Log In
Sunday 25th August 2019

Stem cell retinal implants are safe

24th January 2012

A trial at Moorfields Eye Hospital in London has started in order to test the results of implanting stem cells in the eyes of patients with eye disorders.

stem cell research

Operations carried out on two patients in America involving retinal implants has shown that the procedure is safe, researchers said.

The operation involves taking healthy cells from an embryo which are then made to grow in the retina at the back of the eye.

The researchers think that the procedure could lead to improved sight in patients who have conditions such as Stargardt's disease, which cause blindness in young people. 

The researchers told The Lancet: "The ultimate therapeutic goal will be to treat patients earlier in the disease processes, potentially increasing the likelihood of photoreceptor and central visual rescue."

 Dr Dusko Ilic, Senior Lecturer in Stem Cell Science at Kings College London, said that the early stages of the treatment did not necessarily mean a cure for blindness was possible.


"We should keep in mind that people are not rats. The number one priority of initial clinical trial is always patient safety."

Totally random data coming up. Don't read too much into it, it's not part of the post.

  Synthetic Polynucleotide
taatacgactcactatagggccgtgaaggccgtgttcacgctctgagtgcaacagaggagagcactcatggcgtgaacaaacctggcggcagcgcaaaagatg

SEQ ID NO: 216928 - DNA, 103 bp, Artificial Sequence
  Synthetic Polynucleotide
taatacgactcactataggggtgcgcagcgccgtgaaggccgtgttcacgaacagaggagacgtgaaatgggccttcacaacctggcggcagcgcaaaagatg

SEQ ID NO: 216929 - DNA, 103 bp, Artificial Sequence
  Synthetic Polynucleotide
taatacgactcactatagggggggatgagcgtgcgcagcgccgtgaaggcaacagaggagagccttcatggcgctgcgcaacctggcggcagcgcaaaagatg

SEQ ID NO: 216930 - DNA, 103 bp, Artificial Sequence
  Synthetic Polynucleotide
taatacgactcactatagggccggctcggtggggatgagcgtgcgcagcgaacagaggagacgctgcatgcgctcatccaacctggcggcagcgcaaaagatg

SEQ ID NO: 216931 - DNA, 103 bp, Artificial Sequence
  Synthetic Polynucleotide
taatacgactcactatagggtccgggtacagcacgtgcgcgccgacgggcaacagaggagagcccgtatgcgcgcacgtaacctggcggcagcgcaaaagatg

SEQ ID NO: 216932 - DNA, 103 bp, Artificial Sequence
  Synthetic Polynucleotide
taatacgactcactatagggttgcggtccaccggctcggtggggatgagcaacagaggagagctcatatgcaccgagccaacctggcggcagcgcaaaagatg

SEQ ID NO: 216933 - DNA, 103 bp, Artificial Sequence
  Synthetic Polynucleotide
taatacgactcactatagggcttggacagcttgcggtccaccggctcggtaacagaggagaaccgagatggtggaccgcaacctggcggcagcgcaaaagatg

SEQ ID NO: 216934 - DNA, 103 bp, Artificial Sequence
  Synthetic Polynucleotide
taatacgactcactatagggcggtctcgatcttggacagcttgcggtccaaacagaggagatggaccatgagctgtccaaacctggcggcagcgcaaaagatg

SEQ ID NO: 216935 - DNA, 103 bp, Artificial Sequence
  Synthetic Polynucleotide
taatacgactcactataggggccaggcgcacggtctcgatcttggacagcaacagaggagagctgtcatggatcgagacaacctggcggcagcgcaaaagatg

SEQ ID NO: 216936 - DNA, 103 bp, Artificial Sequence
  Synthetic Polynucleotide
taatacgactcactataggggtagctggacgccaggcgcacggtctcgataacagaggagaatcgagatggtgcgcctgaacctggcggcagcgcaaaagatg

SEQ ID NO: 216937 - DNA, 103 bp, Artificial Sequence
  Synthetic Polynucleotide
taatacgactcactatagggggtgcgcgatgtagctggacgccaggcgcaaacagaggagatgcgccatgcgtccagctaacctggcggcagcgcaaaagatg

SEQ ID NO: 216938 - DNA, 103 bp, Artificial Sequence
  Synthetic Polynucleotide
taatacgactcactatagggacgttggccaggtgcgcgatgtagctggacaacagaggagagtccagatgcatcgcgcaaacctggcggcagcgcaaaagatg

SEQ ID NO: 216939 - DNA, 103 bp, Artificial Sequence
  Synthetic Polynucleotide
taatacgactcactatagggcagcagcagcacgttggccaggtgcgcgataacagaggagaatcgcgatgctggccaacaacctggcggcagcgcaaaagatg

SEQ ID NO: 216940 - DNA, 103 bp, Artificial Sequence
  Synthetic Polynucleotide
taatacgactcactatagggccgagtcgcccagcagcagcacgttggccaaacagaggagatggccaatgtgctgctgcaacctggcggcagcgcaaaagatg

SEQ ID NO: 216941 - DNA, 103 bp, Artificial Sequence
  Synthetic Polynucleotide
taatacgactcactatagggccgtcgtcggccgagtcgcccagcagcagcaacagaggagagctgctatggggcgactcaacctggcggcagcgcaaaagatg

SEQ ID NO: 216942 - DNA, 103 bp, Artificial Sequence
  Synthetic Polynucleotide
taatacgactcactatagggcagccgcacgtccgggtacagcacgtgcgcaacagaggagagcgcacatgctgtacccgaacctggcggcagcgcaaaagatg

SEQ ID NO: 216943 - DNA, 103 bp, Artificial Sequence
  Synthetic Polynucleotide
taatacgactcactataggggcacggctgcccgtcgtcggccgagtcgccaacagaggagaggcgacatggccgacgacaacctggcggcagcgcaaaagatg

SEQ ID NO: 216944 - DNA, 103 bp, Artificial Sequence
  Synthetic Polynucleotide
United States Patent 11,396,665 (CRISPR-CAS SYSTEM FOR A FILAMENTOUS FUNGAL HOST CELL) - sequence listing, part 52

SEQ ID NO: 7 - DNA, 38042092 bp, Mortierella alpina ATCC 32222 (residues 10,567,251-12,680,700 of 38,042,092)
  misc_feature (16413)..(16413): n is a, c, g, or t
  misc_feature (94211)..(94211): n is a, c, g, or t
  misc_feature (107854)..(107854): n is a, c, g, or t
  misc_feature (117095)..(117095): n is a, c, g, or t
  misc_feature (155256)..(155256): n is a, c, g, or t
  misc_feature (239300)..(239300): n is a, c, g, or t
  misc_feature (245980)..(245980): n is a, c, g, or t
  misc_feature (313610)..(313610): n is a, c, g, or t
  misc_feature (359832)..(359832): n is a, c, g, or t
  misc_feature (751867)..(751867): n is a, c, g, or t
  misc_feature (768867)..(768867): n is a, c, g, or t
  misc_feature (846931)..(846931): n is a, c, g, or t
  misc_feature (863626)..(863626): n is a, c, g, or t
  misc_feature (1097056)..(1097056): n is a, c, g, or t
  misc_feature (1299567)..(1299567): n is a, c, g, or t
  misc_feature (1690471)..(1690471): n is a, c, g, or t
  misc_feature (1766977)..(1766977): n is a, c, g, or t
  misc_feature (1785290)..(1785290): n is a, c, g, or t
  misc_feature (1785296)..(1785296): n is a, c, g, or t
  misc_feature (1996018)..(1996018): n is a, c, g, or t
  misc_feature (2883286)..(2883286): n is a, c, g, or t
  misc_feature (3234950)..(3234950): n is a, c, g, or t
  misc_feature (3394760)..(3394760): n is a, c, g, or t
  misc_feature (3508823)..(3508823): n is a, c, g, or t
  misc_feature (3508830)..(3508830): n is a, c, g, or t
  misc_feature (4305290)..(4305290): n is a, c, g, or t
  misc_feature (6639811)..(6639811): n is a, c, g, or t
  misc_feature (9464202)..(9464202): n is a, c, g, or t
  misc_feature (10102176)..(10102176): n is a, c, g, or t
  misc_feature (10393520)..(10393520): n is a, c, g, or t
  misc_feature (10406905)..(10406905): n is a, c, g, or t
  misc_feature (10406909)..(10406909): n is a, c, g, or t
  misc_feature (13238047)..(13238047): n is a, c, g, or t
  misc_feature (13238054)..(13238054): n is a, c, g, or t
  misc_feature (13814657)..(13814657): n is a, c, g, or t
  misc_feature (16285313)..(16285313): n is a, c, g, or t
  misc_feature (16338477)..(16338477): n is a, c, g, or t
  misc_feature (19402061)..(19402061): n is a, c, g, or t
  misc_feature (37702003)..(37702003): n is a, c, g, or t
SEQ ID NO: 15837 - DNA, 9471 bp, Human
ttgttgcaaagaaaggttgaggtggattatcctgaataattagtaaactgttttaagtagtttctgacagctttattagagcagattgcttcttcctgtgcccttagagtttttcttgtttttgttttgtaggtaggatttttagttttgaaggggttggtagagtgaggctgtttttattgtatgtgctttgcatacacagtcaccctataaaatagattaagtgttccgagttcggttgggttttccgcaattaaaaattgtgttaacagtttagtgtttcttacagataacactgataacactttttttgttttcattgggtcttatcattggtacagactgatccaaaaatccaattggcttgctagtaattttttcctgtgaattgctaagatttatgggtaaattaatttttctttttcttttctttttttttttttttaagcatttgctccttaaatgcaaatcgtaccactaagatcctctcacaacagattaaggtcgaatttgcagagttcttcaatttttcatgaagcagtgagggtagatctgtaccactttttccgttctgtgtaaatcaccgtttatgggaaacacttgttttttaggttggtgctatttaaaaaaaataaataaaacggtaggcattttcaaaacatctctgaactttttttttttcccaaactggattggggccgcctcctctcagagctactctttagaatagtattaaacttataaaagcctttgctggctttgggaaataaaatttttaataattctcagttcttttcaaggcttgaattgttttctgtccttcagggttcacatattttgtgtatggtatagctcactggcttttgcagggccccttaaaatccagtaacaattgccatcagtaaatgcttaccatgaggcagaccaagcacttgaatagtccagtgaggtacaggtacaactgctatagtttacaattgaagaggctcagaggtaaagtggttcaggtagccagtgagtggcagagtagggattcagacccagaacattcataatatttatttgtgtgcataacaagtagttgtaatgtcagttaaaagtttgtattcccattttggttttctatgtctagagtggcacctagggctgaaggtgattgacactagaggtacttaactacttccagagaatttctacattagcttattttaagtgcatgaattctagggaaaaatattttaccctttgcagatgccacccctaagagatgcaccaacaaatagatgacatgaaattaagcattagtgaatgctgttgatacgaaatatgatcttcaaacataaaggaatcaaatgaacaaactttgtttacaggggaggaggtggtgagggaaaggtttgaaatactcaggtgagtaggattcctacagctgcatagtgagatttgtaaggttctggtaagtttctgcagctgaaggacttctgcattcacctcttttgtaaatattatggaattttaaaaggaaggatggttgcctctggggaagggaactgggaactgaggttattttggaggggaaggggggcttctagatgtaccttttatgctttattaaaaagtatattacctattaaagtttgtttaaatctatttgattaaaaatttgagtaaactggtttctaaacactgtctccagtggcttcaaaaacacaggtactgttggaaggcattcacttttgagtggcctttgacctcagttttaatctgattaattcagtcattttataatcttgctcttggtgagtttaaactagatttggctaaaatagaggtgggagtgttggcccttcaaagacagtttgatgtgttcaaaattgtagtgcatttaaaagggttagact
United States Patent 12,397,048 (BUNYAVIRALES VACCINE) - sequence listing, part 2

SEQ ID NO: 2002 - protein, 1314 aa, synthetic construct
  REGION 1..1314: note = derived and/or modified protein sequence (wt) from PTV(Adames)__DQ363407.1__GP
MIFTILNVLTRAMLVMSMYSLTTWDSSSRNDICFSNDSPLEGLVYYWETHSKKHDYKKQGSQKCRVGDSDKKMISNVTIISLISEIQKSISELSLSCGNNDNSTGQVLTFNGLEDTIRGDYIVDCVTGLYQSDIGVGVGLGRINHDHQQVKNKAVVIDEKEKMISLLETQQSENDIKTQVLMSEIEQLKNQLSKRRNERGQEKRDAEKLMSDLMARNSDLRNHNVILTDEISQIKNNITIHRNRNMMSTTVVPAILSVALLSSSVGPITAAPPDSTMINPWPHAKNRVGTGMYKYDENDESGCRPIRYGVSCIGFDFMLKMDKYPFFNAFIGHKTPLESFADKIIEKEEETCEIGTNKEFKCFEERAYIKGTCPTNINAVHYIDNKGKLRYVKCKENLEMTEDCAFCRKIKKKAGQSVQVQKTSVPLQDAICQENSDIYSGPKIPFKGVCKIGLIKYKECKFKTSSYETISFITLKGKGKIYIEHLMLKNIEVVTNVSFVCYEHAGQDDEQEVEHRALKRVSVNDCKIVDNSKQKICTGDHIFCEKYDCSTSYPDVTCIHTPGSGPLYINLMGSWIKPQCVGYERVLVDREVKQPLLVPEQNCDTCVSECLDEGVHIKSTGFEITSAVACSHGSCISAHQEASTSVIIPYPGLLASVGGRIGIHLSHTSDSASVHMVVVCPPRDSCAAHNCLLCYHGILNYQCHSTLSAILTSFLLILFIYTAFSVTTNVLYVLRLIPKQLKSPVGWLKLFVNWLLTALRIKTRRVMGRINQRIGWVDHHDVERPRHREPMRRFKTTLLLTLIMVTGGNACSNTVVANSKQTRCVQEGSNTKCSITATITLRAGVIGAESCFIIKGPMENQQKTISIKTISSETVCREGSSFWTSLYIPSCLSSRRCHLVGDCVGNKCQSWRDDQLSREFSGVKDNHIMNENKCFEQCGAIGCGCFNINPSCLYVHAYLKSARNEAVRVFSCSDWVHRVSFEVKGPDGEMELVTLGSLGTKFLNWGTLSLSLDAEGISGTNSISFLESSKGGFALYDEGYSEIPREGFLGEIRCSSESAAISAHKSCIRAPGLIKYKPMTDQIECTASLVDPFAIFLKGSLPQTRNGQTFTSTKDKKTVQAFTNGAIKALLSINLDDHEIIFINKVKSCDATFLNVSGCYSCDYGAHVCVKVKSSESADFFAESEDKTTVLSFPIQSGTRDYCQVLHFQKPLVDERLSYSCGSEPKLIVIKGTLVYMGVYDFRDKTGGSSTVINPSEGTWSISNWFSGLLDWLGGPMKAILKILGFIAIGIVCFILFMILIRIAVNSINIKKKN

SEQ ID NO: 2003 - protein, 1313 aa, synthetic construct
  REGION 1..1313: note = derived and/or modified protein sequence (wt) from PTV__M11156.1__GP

"If everyone expects that the blind patients will see after being treated with human embryonic stem cell-derived retinal pigment epithelium, even if the treatment ends up being safe (which is what Advanced Cell Technology are trying to determine in this trial), they risk being unnecessarily disappointed."

UK stem cell expert Chris Mason added: "We do not have a complete answer yet. But it is a valuable next step."


Share this page


There are no comments for this article, be the first to comment!

Post your comment

Only registered users can comment. Fill in your e-mail address for quick registration.

Your email address:

Your comment will be checked by a Healthcare Today moderator before it is published on the site.

Mayden - Innovative cloud-based web development for the healthcare sector
© Mayden Foundation 2019